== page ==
Guide – How to choose the right touring skis
Amazing outdoor experiences await.
Snowy mountain peaks, virgin ski tracks in fluffy fresh snow. A string of unforgettable moments, a world of possibilities – and a whole lot of exercise into the bargain. Is it any surprise that many people discover their love of the mountains when skiing?
Touring is becoming increasingly popular and there are as many opportunities as there are enthusiasts. A large part of the charm is that you are free to choose your own route and kind of adventure.
What is a touring ski
While cross-country skis are made for speed on well-prepared tracks – without any regard for stability or load-bearing capacity – touring skis are used to cross snowy expanses of terrain.
Touring or backcountry skis are both wider and heavier than cross-country skis. Most have steel edges. If you’re going to make your own tracks in deep snow, cross crusted snow at Easter or carry a heavy backpack without needing snow shoes, then touring skis with steel edges are definitely for you.
Touring skis give you the necessary control uphill in open mountain terrain and downhill in exciting undulating landscapes between the birch trees of the mountain forest.
What kind of backcountry skis should I choose?
Backcountry skis, or touring skis, are available in many varieties. From relatively narrow skis, to classic mountain or all-round skis. There are also wider, easy-turning models for more rugged terrain.
What suits you depends on the kind of use, the type of terrain, your weight and your skiing ability. For the best possible experience on your touring skis, it is important that you make the right choice.
Classic touring skis
Narrow, classic touring skis are the right choice for light mountain tours without heavy a pack. Classic touring skis have a robust construction and are wide enough to be stable and good in loose snow. They are also narrow enough to fit in prepared tracks.
Classic touring skis have a good camber, a wax pocket and can be used with skins. They often also have a narrow waist to provide better control when skiing downhill.
A perfect ski for those who want a slightly better load-bearing capacity than ordinary cross-country skis, if you’re going on a ski trip in the mountains at Easter.
Wide backcountry skis and hunting skis
These are the skis for the more adventurous types, for those carrying a heavy backpack or making their own tracks.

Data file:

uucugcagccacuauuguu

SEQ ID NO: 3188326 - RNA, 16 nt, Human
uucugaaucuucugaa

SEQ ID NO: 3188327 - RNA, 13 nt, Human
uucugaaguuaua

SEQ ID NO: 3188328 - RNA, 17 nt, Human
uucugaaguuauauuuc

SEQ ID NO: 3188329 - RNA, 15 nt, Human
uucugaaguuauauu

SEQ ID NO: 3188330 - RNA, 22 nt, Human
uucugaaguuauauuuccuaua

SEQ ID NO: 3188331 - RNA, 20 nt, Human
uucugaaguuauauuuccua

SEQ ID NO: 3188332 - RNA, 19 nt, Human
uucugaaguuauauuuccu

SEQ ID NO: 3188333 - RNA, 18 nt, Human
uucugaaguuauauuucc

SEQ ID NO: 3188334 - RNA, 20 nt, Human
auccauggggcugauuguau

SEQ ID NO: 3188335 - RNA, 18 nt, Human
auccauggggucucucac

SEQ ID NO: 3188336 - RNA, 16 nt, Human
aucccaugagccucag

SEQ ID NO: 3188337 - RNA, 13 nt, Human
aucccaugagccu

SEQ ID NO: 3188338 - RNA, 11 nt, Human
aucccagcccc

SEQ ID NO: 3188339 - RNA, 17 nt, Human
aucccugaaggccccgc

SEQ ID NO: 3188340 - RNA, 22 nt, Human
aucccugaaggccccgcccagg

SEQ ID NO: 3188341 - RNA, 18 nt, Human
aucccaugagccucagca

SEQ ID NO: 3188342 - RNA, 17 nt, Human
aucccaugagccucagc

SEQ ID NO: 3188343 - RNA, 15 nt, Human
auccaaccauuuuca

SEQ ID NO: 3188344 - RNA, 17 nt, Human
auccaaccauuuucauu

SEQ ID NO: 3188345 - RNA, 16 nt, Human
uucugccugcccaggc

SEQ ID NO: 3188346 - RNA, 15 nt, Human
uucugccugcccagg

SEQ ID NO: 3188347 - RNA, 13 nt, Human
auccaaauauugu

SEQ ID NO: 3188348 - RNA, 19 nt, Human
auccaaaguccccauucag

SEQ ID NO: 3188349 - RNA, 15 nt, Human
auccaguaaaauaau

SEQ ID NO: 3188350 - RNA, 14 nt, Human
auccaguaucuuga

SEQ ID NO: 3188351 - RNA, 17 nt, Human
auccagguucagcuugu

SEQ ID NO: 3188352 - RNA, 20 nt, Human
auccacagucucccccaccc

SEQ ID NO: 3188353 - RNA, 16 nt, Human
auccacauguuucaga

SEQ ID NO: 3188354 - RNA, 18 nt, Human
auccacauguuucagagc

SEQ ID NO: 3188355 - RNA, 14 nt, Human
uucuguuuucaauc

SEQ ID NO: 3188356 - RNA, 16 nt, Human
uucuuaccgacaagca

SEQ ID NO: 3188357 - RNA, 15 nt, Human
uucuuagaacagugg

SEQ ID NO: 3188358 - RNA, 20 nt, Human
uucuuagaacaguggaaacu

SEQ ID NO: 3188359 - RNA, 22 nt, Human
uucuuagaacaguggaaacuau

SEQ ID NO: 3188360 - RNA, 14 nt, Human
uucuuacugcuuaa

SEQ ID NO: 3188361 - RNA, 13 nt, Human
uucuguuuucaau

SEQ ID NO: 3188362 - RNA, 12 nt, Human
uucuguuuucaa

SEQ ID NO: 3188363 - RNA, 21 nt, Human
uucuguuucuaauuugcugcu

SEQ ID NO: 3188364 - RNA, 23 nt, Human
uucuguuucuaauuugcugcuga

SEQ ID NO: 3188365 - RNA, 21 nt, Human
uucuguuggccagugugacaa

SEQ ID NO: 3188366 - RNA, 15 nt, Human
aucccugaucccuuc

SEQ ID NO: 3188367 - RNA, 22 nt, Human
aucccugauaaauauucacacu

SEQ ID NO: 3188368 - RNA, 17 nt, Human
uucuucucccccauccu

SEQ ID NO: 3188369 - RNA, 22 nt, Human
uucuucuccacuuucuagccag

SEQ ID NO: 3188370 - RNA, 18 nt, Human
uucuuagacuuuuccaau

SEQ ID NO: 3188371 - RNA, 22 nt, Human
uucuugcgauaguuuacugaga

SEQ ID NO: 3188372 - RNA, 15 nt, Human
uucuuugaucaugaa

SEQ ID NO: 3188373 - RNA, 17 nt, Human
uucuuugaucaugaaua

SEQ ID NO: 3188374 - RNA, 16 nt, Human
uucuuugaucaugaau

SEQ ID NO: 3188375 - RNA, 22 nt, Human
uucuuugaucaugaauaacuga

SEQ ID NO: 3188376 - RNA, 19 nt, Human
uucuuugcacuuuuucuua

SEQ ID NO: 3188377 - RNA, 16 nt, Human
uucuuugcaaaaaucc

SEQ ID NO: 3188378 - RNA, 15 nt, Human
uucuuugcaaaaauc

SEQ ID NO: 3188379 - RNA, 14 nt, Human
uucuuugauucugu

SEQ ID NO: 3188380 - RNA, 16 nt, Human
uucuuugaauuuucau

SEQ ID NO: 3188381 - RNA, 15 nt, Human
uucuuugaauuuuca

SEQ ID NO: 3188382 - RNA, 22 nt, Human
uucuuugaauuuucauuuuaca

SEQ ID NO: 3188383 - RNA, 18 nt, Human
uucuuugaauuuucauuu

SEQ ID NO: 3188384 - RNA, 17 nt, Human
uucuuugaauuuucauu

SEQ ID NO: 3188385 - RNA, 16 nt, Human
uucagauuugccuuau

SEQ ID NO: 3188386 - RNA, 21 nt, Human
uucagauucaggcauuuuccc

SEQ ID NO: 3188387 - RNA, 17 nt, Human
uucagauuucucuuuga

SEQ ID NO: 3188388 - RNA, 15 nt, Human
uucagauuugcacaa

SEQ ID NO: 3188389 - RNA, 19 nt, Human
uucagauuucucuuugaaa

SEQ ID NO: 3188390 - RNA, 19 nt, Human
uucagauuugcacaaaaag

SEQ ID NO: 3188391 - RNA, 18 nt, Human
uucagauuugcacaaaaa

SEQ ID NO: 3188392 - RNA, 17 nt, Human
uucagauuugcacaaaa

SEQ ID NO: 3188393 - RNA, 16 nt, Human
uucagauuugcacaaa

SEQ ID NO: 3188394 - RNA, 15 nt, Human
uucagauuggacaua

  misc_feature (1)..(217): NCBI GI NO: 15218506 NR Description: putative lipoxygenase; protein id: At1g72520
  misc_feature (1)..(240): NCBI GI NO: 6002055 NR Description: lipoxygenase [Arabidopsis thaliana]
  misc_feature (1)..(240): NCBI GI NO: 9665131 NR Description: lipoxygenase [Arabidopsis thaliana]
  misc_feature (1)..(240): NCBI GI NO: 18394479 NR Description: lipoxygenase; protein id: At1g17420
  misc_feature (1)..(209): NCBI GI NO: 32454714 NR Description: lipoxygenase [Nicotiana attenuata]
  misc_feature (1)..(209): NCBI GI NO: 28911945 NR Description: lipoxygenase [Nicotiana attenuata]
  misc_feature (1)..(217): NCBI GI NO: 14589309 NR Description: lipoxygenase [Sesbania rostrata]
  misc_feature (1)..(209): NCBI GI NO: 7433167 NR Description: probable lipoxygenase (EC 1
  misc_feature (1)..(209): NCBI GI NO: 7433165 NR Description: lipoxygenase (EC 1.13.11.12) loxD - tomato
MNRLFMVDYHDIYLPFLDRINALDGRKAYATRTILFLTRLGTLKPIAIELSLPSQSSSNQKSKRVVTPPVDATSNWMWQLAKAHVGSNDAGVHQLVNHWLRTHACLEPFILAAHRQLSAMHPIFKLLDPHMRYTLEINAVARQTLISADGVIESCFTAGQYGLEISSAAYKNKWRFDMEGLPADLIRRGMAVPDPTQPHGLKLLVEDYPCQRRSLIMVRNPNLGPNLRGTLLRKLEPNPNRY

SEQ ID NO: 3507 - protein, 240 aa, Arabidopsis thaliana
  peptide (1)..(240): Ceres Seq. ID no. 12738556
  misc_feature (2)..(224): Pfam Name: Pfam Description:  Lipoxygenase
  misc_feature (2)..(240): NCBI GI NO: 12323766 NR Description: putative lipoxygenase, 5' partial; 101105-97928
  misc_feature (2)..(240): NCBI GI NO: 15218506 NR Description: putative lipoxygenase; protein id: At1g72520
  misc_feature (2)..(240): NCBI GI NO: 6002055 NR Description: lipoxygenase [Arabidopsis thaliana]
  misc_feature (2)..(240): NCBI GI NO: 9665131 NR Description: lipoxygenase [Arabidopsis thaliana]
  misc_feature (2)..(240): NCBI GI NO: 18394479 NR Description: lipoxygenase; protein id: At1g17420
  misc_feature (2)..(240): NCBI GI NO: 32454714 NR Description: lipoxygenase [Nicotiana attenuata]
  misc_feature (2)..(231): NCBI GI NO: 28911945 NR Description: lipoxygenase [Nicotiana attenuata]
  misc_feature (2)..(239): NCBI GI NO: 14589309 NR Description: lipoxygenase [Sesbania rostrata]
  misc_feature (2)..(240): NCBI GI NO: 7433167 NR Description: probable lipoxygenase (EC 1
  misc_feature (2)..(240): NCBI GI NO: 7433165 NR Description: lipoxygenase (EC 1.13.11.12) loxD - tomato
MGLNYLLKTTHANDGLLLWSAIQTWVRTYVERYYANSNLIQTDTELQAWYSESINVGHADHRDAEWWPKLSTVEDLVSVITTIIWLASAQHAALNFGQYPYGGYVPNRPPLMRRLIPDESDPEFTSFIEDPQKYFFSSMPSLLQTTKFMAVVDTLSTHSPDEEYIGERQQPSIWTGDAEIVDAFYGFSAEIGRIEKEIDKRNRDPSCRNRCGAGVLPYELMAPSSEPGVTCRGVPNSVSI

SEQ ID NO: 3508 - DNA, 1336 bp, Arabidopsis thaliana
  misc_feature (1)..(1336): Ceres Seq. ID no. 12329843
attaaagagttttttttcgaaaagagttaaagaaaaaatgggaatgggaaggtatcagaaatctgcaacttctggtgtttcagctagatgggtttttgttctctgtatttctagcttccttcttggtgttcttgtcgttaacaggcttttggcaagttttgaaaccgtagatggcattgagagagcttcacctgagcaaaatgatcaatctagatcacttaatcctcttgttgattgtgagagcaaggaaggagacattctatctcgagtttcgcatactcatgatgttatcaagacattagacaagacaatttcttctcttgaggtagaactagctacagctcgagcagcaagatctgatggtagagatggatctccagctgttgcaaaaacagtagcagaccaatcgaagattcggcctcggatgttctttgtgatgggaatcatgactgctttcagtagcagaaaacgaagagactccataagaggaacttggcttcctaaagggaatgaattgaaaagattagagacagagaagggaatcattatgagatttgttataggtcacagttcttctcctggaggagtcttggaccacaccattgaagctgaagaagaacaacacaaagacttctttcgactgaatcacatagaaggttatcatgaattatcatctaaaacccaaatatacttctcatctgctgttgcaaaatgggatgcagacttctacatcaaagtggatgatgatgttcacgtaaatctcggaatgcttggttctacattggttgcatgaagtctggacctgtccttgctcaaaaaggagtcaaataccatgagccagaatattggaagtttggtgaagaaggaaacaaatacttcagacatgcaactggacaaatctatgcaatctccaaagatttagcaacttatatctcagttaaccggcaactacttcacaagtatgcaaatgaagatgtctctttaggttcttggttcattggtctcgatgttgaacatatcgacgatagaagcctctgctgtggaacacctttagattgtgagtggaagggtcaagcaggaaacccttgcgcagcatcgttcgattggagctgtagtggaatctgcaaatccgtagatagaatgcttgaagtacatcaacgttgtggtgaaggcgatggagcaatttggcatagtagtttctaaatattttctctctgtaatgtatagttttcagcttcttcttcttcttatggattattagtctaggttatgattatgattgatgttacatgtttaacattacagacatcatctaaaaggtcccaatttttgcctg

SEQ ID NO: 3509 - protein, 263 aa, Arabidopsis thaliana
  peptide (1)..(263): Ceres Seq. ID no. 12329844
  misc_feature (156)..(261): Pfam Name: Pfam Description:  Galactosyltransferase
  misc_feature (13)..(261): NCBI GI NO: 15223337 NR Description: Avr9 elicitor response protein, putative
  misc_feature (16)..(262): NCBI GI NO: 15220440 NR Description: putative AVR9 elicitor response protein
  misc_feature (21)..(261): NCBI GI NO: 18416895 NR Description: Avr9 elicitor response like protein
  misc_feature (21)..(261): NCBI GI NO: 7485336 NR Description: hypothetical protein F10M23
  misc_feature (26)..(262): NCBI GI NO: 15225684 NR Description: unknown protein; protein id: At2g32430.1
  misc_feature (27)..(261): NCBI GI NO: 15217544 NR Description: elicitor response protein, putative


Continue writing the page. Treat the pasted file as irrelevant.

Wide backcountry skis work well for summit tours, expeditions and hunting. The soft core gives excellent turning properties for easier skiing downhill.
Wide touring skis are not suitable for prepared tracks – they are too wide, but they are excellent in loose snow. On wide backcountry skis, it is normal to use skins.
How to choose the right length of touring ski
Classic touring skis should be about 20 cm longer than your height. Wide skis can be about 10 cm longer. As a rule of thumb: The wider the ski, the shorter it can be.
Short skis are easier to ski on in the forest and rough terrain.
Your weight also affects what length of ski you should have. If you don’t weigh much, skis that are too long can become slippery. If you are heavy, skis that are too short will give you poor glide.
It is better to have a more flexible ski than one that is too stiff.
Bindings for touring skis
Touring skis have stronger bindings and more stable ski boots. There are two main types of binding for touring skis: a 75 mm binding and a BC binding (BC stands for Backcountry).
- The BC binding is a stronger version of the modern cross-country binding. The BC binding provides better mobility and a lighter motion than the 75 mm binding, as the foot is only attached to the front of the boot.
- The 75 mm binding is easier to turn with and provides better stability, as much of the boot sits inside the binding. There are also more substantial versions for tough terrain, both with and without a climbing wire.
Touring ski poles
It is important that the rest of the equipment is also tailored to your needs. Among other things, the poles should have baskets that enable them to be used on loose snow and be about 30 cm shorter than your height.
In deep snow, you can choose poles that are 35–40 cm shorter. You could also go for telescopic poles, so you can change the pole length according to the terrain and descent.
Remember a map and compass and always follow the map
Even if you use GPS in the mountains, you must still have a paper map and compass with you, and be able to make good choices about routes. Because you can’t always rely on the markers.
Markers in the mountains may have blown down, or there may be other reasons why you should not follow them. So always track your route on the map, so you know where you are at all times.
The M-711 map series covers the whole of Norway on a scale of 1:50,000. There are also specially adapted map series for different mountain areas.
Dress for backcountry skiing
With the Abisku range, you can perform at your best in demanding winter conditions. A robust, durable and protective collection, developed for ski touring but equally well suited to other winter activities.